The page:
Russia’s attack on Ukraine also had an impact on the number of seasonal workers. A majority of seasonal farm workers are Ukrainians who come to Finland every year with a certificate for seasonal work. Last year, a total of 5,264 seasonal work certificates were issued, compared with 13,870 in 2021. This figure cannot be taken as a complete account of the number of seasonal farm workers, however, as Ukrainian beneficiaries of temporary protection have an unrestricted right to work.
Other common reasons for moving to Finland include family (2022: 15,457 positive decisions, 2021: 9,821) and studies (2022: 8,383, 2021: 5,837).
“Most family members who moved to Finland last year were the children and spouses of foreign nationals working in Finland,” Immonen explained.
Application volumes on the increase
In 2022, a total of 20,960 applications for first residence permits on the basis of work were submitted, compared with 15,012 in 2021. The Finnish Immigration Service received 13,534 applications for residence permits for an employed person (2021: 8,529), while specialists submitted 2,594 first residence permit applications (2021: 1,605).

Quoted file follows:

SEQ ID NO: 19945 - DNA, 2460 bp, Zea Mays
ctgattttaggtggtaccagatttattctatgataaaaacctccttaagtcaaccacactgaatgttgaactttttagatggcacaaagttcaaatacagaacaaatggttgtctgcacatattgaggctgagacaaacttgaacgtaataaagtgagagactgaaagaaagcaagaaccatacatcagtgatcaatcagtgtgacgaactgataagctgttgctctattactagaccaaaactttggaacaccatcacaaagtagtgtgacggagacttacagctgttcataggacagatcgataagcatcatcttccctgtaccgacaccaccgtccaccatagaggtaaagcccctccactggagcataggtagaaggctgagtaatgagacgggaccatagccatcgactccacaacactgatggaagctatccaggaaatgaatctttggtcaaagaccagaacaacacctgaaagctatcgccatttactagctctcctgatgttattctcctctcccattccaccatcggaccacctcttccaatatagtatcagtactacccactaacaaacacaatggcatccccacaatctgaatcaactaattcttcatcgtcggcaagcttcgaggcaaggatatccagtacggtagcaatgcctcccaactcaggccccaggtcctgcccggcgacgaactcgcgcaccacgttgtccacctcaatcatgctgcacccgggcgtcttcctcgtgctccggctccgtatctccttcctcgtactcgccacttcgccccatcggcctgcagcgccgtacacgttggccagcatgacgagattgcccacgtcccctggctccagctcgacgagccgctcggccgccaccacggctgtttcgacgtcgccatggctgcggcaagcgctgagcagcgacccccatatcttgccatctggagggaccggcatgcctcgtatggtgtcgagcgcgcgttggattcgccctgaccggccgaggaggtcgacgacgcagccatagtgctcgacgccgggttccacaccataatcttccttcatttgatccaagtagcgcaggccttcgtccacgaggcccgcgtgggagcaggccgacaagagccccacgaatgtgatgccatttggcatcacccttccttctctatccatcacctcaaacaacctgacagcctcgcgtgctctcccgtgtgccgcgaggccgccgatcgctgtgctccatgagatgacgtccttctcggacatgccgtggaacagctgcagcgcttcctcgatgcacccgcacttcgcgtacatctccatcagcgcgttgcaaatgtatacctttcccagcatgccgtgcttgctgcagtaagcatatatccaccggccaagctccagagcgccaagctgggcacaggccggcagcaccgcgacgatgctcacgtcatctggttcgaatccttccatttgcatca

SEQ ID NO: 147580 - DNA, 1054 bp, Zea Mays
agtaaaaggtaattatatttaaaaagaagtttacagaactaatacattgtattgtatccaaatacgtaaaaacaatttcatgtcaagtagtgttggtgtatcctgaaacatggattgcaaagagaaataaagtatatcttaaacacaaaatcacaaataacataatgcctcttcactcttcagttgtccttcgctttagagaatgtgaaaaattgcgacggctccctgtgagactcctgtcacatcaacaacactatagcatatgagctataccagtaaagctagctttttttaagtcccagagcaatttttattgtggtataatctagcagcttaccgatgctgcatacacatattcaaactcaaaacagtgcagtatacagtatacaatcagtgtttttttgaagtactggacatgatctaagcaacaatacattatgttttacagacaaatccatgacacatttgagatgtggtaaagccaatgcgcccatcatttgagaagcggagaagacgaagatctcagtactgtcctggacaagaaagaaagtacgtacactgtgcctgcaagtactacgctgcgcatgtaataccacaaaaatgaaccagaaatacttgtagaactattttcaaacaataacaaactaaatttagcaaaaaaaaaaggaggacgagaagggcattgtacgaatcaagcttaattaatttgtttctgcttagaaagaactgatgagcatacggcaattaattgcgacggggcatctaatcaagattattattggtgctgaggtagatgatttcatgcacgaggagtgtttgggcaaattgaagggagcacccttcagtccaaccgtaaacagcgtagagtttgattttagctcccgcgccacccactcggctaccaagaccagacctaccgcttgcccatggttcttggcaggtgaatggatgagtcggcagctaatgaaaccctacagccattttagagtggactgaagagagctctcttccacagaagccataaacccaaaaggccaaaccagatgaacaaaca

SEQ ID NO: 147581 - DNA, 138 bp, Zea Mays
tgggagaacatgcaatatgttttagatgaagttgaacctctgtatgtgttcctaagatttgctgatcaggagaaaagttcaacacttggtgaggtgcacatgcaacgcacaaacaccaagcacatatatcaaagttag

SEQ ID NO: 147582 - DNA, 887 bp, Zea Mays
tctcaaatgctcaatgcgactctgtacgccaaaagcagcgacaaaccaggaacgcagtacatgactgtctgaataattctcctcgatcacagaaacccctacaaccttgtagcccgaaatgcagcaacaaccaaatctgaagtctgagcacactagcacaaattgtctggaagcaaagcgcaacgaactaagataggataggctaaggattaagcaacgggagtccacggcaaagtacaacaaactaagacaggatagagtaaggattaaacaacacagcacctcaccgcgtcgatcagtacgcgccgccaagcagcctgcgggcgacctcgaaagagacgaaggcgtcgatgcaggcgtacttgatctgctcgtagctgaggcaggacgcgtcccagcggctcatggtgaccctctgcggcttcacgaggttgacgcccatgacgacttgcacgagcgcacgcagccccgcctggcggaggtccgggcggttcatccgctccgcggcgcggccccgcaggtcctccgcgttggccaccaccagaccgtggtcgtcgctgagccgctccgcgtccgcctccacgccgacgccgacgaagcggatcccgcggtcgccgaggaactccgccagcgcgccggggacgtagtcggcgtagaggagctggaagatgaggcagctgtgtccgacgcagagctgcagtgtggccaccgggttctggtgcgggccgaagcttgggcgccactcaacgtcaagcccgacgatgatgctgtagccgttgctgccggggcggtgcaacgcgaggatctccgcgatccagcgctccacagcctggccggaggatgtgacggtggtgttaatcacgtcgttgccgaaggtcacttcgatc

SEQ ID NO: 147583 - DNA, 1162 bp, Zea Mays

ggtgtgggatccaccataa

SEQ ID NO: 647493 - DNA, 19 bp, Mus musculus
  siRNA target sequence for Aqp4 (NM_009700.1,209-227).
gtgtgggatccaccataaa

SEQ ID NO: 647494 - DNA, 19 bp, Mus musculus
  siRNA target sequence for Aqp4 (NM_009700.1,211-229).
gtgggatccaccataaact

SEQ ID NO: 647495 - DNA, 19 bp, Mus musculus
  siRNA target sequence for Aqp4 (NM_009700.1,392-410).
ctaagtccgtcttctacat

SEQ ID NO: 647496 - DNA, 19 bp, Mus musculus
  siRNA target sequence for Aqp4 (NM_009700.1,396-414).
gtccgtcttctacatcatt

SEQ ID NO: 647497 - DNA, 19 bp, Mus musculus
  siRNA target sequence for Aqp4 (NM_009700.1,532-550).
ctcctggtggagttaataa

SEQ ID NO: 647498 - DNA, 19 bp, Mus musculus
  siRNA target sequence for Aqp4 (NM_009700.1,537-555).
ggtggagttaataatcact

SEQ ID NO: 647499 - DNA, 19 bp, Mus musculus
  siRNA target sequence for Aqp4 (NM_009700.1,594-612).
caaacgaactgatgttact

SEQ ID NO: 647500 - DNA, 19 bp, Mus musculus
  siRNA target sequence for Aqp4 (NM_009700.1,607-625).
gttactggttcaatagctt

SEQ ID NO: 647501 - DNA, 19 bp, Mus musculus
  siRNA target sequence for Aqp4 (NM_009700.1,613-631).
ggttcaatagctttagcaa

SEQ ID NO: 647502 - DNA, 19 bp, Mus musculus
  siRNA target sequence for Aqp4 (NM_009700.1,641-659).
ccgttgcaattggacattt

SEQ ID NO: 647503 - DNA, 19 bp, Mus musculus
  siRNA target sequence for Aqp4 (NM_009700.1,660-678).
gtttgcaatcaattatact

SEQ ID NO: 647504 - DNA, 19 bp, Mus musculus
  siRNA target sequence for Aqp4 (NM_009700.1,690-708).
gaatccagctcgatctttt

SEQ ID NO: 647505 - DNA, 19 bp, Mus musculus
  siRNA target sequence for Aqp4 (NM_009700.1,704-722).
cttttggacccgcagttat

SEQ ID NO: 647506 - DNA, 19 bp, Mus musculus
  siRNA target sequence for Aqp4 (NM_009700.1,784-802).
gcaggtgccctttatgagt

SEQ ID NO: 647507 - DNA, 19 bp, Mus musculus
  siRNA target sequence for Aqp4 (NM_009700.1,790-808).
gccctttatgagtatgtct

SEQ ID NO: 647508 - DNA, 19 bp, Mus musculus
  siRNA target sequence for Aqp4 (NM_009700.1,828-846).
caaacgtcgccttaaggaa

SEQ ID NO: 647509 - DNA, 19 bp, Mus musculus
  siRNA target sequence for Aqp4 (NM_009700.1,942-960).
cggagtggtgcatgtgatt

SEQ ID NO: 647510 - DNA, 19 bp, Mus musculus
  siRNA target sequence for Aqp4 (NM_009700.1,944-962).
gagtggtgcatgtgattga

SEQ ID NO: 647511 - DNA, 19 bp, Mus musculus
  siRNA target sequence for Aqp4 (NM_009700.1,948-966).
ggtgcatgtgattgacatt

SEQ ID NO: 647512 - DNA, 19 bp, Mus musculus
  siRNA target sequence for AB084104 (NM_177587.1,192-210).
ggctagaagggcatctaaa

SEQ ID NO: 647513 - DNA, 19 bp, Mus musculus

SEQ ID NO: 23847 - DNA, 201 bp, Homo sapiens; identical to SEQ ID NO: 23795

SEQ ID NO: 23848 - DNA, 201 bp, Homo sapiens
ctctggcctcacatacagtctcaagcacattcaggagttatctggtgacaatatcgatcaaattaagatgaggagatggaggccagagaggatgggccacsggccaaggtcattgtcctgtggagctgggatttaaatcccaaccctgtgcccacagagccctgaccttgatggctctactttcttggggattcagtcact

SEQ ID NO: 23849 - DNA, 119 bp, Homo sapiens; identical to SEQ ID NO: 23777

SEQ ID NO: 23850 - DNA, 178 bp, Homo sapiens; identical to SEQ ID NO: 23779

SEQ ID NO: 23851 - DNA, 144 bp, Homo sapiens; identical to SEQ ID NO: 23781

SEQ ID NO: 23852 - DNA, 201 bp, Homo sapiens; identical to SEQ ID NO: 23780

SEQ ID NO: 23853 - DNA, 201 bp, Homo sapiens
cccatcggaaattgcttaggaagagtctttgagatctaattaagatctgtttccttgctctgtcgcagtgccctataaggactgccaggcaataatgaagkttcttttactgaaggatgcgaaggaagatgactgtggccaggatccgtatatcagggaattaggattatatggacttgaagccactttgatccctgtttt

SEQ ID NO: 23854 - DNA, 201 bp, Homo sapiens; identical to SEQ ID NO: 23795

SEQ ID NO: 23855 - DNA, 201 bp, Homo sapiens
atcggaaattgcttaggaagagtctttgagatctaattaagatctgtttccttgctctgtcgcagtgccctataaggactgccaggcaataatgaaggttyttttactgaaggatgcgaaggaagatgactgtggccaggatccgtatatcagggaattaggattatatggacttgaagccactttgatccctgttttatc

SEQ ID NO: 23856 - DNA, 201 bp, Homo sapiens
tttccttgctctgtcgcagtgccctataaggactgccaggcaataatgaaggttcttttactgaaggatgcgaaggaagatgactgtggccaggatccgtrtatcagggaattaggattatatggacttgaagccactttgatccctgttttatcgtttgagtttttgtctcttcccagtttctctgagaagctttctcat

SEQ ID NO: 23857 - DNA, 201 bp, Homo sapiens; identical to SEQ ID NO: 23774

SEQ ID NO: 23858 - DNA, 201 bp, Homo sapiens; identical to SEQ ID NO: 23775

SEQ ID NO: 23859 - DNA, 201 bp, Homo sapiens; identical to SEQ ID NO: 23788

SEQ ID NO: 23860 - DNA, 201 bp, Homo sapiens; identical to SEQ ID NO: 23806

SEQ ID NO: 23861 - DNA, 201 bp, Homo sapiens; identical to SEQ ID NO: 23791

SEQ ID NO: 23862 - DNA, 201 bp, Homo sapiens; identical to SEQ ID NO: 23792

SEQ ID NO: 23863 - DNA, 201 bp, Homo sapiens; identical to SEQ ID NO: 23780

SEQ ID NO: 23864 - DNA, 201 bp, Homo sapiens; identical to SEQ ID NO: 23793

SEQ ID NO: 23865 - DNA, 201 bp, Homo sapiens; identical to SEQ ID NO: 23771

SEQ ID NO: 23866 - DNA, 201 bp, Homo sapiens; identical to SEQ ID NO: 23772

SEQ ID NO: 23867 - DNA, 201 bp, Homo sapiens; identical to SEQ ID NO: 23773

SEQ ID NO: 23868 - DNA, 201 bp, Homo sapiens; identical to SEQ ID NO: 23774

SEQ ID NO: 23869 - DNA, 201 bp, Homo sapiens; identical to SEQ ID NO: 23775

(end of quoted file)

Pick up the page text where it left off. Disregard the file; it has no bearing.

The number of applications for first residence permits on the basis of family ties (2022: 18,981, 2021: 13,764) and studies (2022: 9,855, 2021: 6,711) also saw growth. In total, 50,728 applications for first residence permits were submitted (2021: 36,206).
Finnish Immigration Service aiming for best immigration experience in Europe
“The Finnish Immigration Service is set to undergo significant reforms in 2023. The goal is to speed up the agency’s operations and increase our focus on the customer,” Immonen said.